Augie’s 6th Birthday

With Wendy, Doug and Milo

Stanley and Augie

We were not interested only in the mech­anical aspect of Augie making self-portraits; we were intrigued by his expressive emotional responses at different times and in different situations. Nor did we didn’t want to use Augie as a prop, dressed up or posed in a studio environment.

Self-portrait with Bev, June Bug, and Oreo

With Twins, Ruthie and Winnie

With Twins, Robert and William

We want Augie’s photographs to show something about his life. We want them to be a self-portrait. In a photograph, if Augie wants to sit or lay down, that’s fine. If he wants to stand, that’s okay too. He most often uses his left paw to make photographs, but occasionally it’s his right—sometimes both at the same time. We want Augie to participate in his own way.

At the Duke Canine Cognition Center

Truist Bank, with Joe, Eric, Cameron and Ray


Augie watches us very care­fully. He studies our every move and recog­nizes body language, and has adapted to our lifestyle very quickly. He’s eager to work on tasks, is very expressive, and very communicative. Augie engages in a lot of steady eye contact.

Frans de Waal said, “Dogs are good at learning the things they need to know.” He added, “if reared by another species, they are prepared to imitate that one as well.”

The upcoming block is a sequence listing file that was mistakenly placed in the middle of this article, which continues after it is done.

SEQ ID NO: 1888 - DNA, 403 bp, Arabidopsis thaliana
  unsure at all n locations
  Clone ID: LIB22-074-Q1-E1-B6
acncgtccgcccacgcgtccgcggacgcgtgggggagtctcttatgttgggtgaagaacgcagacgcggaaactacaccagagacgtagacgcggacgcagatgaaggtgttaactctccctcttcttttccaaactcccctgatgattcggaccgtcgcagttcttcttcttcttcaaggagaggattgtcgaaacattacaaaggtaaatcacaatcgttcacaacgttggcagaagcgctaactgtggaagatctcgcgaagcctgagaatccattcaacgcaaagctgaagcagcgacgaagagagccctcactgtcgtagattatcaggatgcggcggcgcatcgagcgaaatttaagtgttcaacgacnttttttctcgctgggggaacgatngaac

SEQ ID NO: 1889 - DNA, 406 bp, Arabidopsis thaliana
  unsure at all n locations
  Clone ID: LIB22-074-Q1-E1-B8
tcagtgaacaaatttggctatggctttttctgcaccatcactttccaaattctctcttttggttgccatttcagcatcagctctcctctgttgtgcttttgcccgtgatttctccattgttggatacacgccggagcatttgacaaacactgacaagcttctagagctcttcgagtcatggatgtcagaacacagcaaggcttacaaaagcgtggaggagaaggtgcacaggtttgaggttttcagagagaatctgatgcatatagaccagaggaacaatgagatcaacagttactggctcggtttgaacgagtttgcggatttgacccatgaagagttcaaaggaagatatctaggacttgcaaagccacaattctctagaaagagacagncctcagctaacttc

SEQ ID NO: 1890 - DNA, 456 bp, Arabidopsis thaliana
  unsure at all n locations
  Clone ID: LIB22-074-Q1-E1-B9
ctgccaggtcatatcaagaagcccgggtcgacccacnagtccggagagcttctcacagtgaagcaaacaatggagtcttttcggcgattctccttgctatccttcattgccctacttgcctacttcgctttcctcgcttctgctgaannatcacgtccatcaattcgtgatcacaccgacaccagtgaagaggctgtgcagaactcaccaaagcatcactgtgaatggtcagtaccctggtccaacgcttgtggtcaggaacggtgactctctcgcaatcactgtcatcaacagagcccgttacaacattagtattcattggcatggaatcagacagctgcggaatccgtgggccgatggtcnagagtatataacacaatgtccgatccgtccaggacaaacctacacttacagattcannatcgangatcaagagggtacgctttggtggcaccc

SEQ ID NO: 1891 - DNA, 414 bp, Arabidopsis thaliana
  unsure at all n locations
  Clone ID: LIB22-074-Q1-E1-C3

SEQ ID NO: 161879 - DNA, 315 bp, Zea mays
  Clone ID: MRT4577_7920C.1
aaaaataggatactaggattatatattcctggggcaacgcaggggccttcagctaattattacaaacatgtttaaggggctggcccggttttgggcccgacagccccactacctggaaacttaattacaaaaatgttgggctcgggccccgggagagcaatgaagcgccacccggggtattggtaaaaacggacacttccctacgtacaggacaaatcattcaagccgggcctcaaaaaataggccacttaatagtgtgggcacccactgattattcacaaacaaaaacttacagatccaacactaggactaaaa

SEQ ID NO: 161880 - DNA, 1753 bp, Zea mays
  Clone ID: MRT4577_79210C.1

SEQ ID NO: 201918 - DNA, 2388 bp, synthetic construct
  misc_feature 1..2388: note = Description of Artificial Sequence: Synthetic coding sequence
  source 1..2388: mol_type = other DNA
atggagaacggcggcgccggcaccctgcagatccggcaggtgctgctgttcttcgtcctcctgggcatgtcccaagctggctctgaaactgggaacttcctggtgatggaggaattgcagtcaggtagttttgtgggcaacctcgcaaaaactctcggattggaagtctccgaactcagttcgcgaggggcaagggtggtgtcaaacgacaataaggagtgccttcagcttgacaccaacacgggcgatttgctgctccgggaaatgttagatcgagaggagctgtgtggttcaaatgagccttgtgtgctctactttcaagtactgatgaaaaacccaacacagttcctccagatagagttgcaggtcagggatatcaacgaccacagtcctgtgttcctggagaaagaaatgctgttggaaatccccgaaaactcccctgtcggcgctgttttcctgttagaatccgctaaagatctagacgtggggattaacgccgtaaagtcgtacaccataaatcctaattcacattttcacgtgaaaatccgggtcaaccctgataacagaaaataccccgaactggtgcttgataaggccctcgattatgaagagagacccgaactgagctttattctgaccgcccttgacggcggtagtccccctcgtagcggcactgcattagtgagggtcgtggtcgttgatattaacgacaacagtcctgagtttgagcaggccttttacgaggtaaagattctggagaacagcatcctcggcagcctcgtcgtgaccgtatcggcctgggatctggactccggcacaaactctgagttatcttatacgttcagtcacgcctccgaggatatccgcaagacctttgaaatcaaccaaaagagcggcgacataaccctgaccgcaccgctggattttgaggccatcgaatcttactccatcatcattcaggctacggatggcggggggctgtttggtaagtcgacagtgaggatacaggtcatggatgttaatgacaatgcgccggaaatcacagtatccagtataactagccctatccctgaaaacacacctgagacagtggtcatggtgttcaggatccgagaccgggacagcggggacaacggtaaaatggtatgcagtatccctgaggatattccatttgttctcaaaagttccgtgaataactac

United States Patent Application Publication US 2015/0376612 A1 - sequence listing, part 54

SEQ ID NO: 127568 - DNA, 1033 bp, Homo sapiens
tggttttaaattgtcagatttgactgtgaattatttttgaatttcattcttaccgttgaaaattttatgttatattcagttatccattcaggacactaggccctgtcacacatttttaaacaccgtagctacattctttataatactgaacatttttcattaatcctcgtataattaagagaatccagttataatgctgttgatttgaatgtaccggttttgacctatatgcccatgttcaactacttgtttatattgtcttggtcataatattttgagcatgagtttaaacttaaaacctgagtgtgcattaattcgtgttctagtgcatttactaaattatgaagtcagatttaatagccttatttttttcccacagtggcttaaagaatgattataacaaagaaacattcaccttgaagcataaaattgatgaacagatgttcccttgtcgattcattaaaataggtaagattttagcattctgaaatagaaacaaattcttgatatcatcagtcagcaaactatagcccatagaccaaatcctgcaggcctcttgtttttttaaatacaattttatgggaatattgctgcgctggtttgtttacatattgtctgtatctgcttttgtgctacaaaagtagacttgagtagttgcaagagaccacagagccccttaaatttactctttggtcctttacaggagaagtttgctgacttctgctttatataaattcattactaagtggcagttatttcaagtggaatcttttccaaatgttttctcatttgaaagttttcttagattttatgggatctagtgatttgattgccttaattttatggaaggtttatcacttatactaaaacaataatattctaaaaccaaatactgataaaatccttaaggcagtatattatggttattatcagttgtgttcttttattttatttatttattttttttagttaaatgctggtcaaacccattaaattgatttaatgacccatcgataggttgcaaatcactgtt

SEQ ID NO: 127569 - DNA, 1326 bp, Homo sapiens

With Augie, we really do question if we are smart enough to know how smart animals are.

FHA Board Members

Our Fearrington Home­owners Association (FHA) is a volunteer, non-profit organization dedicated to the health, safety, and welfare of residents. In addition to fostering resident participation, the FHA is res­ponsible for maintenance of common property and covenant enforcement. For additional details, including job des­criptions, visit the FHA tab on our webpage,

PresidentSteve Stewart
Vice PresidentAmy Ghiloni
SecretaryJudy Graham
TreasurerTony Daniels
CommunicationsTony Carroll
Community AffairsRuth Ann Burk
Grounds and FacilitiesPatrick McGahan
Health, Safety and SecurityWarren Ort

The Belted Gazette

The Belted Gazette is produced by the Fearrington Home­owners Association (FHA), by and for the residents of Fearrington Village in Pittsboro, NC.

Newsletter Staff:
Copy EditorDiane Frazier
Features Editor & Copy EditorJackie Walters
FHA AdvisorTony Carroll
Graphic DesignerLeslie Palmer
Photo EditorGordon Pitz
Production EditorJan Kowal
ProofreaderJenny Walker
Contributing CorrespondentTad McArdle
Web Page
Alison TozerSteve Anderson
Printing and Distribution
Carol KurtzBarbara Amago


The Belted Gazette contains community news, reports from the FHA Board members, items of interest to residents, and announce­ments of club and neighbor­hood activities.

Content deadlines are the 15th of the previous month. All persons submitting content will receive a confirmation email.

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The Belted Gazette is published electron­ically 11 times a year (July/August is a combined issue). A link to the current issue is emailed to all residents who have an email address in the FHA Directory. A PDF copy of the current issue and back issues can be found on the FHA website (